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Concrete Innovations Help Meet Carbon Reduction Goals
In recent years, there has been a push in architecture to design and construct buildings that have a lower carbon footprint. This trend is driven by the real need to address the global challenge of climate change and the recognition that buildings are significant contributors to greenhouse gas emissions. There are several strategies for constructing projects that help meet carbon reduction goals.
Designing energy efficient buildings that are resistant to natural disasters can significantly reduce life-cycle carbon emissions of a building. But another key strategy involves choosing sustainable building materials that have a lower carbon footprint. With new innovations and technologies, concrete is one material that is proving it has the potential to support these reduction goals.
In Connecticut, one state agency is embracing the challenge of climate change mitigation. The Connecticut Department of Energy and Environmental Protection (DEEP) is tasked with mitigating negative energy and environmental impacts, and so it makes perfect sense that the agency should demonstrate its own mission. DEEP’s new Western District Headquarters at Black Rock State Park located in Watertown is the first net-zero and LEED Platinum building built by the state.
The building is the result of several years of planning. It allows the agency to consolidate staff from nine outdated buildings that have been, until now, located in five separate towns. Combining them into one building will save energy and money, and it will increase efficiency. The new main building will be designed to achieve LEED Platinum certification and net-zero energy standards. A fully integrated approach to building systems and assemblies was required to maximize efficiency even more and minimize environmental impacts. It became clear to the building’s designers that a thermal mass wall would optimize the site’s solar orientation to reduce overall energy consumption. A Trombe wall was designed to provide passive heating during the winter months, passive cooling during the summer and improved natural ventilation.
With the combination of earth sheltering, photovoltaics, a geothermal system, radiant polished concrete slabs and a carefully designed building envelope, the building’s energy consumption will be significantly lower than a comparably sized traditional building. It will result in a 30-40% reduction in energy consumption when compared to a building designed to current building and energy codes. The building will be finished with wood grown from Connecticut state forests and milled at DEEP’s sawmill.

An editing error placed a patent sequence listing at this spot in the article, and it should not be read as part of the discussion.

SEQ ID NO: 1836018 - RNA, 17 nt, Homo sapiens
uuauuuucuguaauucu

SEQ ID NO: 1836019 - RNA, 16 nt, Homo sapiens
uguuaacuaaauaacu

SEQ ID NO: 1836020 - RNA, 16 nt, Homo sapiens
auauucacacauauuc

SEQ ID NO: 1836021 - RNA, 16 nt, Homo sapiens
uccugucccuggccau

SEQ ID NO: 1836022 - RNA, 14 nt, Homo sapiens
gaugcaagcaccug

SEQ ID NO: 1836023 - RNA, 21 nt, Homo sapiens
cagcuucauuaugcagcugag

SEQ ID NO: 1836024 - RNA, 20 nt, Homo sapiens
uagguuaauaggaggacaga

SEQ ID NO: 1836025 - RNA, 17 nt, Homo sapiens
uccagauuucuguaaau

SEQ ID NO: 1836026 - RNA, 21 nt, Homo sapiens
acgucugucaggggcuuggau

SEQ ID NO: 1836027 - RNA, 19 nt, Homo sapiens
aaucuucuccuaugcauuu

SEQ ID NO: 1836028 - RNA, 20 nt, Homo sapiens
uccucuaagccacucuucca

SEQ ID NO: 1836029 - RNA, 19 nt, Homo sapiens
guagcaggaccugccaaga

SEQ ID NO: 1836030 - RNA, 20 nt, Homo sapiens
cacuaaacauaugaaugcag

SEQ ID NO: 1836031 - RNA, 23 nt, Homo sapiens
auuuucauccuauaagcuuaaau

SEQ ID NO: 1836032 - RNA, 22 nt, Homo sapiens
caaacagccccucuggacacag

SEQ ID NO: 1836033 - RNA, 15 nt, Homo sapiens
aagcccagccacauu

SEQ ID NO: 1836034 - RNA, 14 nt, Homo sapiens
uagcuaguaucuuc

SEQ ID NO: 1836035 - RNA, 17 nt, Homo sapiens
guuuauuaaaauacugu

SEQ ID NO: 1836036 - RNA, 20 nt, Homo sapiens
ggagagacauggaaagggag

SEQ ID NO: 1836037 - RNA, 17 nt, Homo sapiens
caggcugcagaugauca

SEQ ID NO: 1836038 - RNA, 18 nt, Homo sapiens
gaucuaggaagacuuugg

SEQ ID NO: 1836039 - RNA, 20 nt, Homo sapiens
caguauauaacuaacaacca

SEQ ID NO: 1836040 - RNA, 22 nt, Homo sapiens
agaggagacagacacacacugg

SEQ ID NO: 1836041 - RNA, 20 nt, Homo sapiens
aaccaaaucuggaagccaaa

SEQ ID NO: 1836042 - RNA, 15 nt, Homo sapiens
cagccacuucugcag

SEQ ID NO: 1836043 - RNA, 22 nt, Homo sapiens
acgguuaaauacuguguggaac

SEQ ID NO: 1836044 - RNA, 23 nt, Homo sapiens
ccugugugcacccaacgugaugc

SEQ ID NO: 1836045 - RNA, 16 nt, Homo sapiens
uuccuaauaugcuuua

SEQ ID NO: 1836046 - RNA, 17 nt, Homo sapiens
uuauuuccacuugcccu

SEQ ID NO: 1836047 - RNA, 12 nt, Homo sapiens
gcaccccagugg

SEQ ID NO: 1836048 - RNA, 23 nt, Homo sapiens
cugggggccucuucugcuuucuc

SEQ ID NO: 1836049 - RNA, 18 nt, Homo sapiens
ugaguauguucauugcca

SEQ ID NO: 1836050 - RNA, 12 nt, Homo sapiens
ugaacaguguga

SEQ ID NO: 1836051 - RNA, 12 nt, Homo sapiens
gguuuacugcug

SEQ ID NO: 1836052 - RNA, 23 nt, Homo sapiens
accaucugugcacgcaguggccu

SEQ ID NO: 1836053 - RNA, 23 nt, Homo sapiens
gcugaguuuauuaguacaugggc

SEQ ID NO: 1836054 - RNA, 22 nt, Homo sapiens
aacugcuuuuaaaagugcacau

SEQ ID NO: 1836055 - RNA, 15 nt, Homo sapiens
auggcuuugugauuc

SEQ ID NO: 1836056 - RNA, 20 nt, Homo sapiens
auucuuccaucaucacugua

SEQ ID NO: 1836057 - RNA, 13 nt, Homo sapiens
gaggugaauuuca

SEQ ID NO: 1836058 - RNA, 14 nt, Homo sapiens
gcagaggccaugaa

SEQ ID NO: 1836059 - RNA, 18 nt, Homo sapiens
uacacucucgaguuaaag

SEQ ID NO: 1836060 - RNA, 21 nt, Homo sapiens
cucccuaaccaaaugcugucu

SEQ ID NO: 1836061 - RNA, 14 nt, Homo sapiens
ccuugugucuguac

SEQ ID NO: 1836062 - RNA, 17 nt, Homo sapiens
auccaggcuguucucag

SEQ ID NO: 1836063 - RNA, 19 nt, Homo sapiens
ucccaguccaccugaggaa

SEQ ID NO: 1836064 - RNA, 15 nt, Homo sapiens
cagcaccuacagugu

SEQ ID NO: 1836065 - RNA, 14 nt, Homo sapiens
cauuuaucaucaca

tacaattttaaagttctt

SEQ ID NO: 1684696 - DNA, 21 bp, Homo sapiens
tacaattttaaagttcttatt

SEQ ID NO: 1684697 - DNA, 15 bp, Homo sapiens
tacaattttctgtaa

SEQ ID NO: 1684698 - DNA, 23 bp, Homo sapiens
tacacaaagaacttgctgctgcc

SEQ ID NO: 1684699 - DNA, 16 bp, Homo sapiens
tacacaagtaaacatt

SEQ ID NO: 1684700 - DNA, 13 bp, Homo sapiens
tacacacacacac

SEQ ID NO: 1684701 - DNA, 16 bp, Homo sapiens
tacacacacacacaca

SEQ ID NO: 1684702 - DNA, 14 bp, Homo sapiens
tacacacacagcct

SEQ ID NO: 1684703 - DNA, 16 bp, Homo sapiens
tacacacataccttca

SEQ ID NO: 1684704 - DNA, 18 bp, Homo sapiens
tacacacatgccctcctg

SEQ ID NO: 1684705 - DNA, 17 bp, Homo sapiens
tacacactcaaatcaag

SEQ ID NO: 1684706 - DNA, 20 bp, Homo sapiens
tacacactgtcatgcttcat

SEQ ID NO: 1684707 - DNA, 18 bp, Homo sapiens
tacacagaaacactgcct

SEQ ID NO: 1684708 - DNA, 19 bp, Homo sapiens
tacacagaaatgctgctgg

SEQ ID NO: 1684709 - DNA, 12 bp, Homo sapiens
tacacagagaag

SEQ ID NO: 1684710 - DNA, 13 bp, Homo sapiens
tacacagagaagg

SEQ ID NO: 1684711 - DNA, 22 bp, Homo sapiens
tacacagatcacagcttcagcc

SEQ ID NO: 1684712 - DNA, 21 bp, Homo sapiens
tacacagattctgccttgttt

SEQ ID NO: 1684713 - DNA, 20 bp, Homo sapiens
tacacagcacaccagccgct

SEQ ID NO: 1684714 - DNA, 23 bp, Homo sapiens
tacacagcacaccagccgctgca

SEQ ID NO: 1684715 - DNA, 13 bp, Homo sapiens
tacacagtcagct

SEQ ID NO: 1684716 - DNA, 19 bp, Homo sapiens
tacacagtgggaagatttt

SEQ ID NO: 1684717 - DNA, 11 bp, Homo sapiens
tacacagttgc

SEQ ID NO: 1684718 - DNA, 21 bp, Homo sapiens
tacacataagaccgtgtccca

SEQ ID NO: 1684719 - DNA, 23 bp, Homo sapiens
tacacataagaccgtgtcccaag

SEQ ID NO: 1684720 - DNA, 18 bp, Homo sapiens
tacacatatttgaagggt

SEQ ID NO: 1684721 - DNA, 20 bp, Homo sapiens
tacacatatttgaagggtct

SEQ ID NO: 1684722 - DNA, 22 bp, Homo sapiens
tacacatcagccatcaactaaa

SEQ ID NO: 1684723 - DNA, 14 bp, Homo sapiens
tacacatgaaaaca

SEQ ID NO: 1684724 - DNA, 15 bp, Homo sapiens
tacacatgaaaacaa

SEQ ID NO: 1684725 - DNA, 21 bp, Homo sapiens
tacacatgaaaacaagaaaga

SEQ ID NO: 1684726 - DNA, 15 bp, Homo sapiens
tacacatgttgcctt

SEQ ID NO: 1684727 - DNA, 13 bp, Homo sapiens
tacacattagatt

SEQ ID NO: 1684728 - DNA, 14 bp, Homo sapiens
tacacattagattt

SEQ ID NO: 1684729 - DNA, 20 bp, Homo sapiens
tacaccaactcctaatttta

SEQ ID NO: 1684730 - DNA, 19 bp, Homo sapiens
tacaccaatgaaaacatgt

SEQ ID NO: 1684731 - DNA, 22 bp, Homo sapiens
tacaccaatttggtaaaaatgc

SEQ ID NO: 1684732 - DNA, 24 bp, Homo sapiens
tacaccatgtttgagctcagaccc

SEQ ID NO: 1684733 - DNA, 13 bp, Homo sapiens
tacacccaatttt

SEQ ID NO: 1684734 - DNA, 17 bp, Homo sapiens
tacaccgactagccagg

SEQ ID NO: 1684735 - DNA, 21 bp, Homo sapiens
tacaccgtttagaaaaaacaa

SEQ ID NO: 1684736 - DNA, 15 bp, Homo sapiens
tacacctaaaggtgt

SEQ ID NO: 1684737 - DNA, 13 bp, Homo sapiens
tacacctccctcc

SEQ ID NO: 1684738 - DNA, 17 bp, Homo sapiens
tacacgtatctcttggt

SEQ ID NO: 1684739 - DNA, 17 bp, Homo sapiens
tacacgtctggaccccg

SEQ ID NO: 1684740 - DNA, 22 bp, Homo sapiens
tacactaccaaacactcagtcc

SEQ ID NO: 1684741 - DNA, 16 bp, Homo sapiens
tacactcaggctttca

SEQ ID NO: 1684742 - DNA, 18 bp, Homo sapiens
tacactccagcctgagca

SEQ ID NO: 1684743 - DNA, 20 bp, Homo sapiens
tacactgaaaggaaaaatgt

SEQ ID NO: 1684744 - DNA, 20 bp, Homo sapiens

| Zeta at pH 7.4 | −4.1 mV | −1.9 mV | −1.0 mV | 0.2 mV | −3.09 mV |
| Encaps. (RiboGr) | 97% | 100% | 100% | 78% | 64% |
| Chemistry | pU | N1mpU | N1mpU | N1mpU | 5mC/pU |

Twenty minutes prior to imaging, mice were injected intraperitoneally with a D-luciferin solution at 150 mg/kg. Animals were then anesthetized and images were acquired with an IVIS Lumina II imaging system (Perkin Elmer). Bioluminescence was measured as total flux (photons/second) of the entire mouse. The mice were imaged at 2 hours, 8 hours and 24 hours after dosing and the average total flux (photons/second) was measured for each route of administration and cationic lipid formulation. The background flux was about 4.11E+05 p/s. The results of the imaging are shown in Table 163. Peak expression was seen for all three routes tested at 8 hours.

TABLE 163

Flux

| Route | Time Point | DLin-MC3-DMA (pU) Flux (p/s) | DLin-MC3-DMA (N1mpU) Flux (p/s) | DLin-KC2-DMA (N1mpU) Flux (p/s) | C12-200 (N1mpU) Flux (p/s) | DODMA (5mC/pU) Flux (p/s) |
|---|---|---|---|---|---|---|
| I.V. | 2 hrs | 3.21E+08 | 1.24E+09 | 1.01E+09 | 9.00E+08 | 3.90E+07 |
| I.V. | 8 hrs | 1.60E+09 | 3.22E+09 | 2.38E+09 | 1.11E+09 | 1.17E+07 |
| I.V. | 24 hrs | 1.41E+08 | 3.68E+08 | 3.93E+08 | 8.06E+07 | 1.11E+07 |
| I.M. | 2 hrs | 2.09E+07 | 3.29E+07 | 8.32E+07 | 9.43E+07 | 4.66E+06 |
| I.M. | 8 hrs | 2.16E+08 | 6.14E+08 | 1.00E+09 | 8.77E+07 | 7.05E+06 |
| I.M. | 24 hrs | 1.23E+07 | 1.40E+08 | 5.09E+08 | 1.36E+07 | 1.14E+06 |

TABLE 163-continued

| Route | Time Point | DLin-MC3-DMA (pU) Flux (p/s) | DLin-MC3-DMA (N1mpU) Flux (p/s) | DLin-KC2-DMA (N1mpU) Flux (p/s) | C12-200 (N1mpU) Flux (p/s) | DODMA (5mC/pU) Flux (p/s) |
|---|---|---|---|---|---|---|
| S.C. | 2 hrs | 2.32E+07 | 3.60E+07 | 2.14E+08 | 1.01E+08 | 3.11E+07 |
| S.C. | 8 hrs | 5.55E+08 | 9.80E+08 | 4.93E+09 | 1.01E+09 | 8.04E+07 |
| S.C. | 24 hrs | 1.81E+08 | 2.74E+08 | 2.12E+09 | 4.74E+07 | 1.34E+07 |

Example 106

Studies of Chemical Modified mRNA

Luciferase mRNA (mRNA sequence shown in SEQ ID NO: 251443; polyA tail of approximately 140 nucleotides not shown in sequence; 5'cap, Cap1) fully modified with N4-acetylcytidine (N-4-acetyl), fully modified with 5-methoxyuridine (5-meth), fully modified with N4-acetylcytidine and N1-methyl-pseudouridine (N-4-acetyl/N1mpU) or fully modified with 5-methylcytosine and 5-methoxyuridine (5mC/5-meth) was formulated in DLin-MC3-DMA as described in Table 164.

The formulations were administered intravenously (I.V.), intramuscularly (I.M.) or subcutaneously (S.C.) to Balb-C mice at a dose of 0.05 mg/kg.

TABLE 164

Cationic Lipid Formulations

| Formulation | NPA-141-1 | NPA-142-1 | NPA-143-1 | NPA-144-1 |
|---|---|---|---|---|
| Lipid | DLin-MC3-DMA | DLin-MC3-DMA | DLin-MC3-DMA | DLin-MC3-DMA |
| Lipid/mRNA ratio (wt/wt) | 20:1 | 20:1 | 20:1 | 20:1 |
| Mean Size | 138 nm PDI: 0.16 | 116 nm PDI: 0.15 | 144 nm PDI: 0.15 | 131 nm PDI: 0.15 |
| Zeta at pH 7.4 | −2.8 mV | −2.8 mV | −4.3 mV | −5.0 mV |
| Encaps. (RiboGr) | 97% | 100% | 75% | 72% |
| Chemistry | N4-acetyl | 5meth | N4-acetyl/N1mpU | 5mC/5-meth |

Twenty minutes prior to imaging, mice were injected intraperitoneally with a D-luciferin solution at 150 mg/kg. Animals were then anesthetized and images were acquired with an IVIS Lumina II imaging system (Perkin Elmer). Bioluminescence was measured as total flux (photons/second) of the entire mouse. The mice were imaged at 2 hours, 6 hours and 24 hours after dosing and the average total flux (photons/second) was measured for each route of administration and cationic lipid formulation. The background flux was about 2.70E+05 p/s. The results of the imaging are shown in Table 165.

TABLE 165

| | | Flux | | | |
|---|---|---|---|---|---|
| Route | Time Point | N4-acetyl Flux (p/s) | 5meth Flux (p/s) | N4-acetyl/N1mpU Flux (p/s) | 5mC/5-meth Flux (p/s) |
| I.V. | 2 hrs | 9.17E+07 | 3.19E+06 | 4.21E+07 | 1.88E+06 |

The use of innovative concrete in this project is key to reducing the embodied carbon footprint of the project. Concrete is a durable building material that provides environmental benefits due to its longevity. But its environmental impact can be reduced with new technologies. Traditional cement used in concrete accounts for roughly 88% of its emissions, which means replacing traditional portland cement with alternative materials can have a big impact.
To reduce the carbon footprint of the DEEP facility, the plans call for 40% cement replacement in the structural concrete mixes with a high-quality ground-glass pozzolan – a supplementary cementitious material (SCM) made from 100% recycled post-consumer glass. For this project, the pozzolan was evaluated to determine its effectiveness, availability and carbon reduction potential. A variety of mixes were evaluated to make up the 40%. The ground-glass pozzolan product for this project is considered a safe, sustainable and high-performing pozzolan that dramatically reduces embodied CO2 emissions in concrete.
This ground-glass pozzolan was manufactured with 100% post-consumer glass sourced within a 50-mile radius and manufactured in Connecticut, just 16 miles from the site. The local sourcing and manufacturing also help reduce embodied carbon by way of reducing transportation. This pozzolan contains no crystalline silica, heavy metals or known carcinogens, making it a non-toxic material. Independent testing of the product shows it at 56kg CO2e in comparison to the average GWP for portland cement of 922 kg CO2e, resulting in 94% less impact. The new headquarters aligns with the state’s goals to mitigate the climate crisis with an effort by state government to lead by example and identify opportunities for savings and ways to make government operations more sustainable.
The concrete sector is continually seeking innovations, including blended cements, supplementary cementitious materials (SCMs), admixtures and other technologies to help make durable, sustainable and cutting-edge designs, such as the DEEP headquarters. NRMCA’s Concrete Innovations Learning Center digs deeper into the history, performance and benefits of innovative products such as ground-glass pozzolans, natural pozzolans and limestone calcined clay cements, biochar and harvested fly ash among many others.Through this process, the concrete sector is exploring how innovation of a 5,000-year-old technology can help achieve carbon reduction goals.
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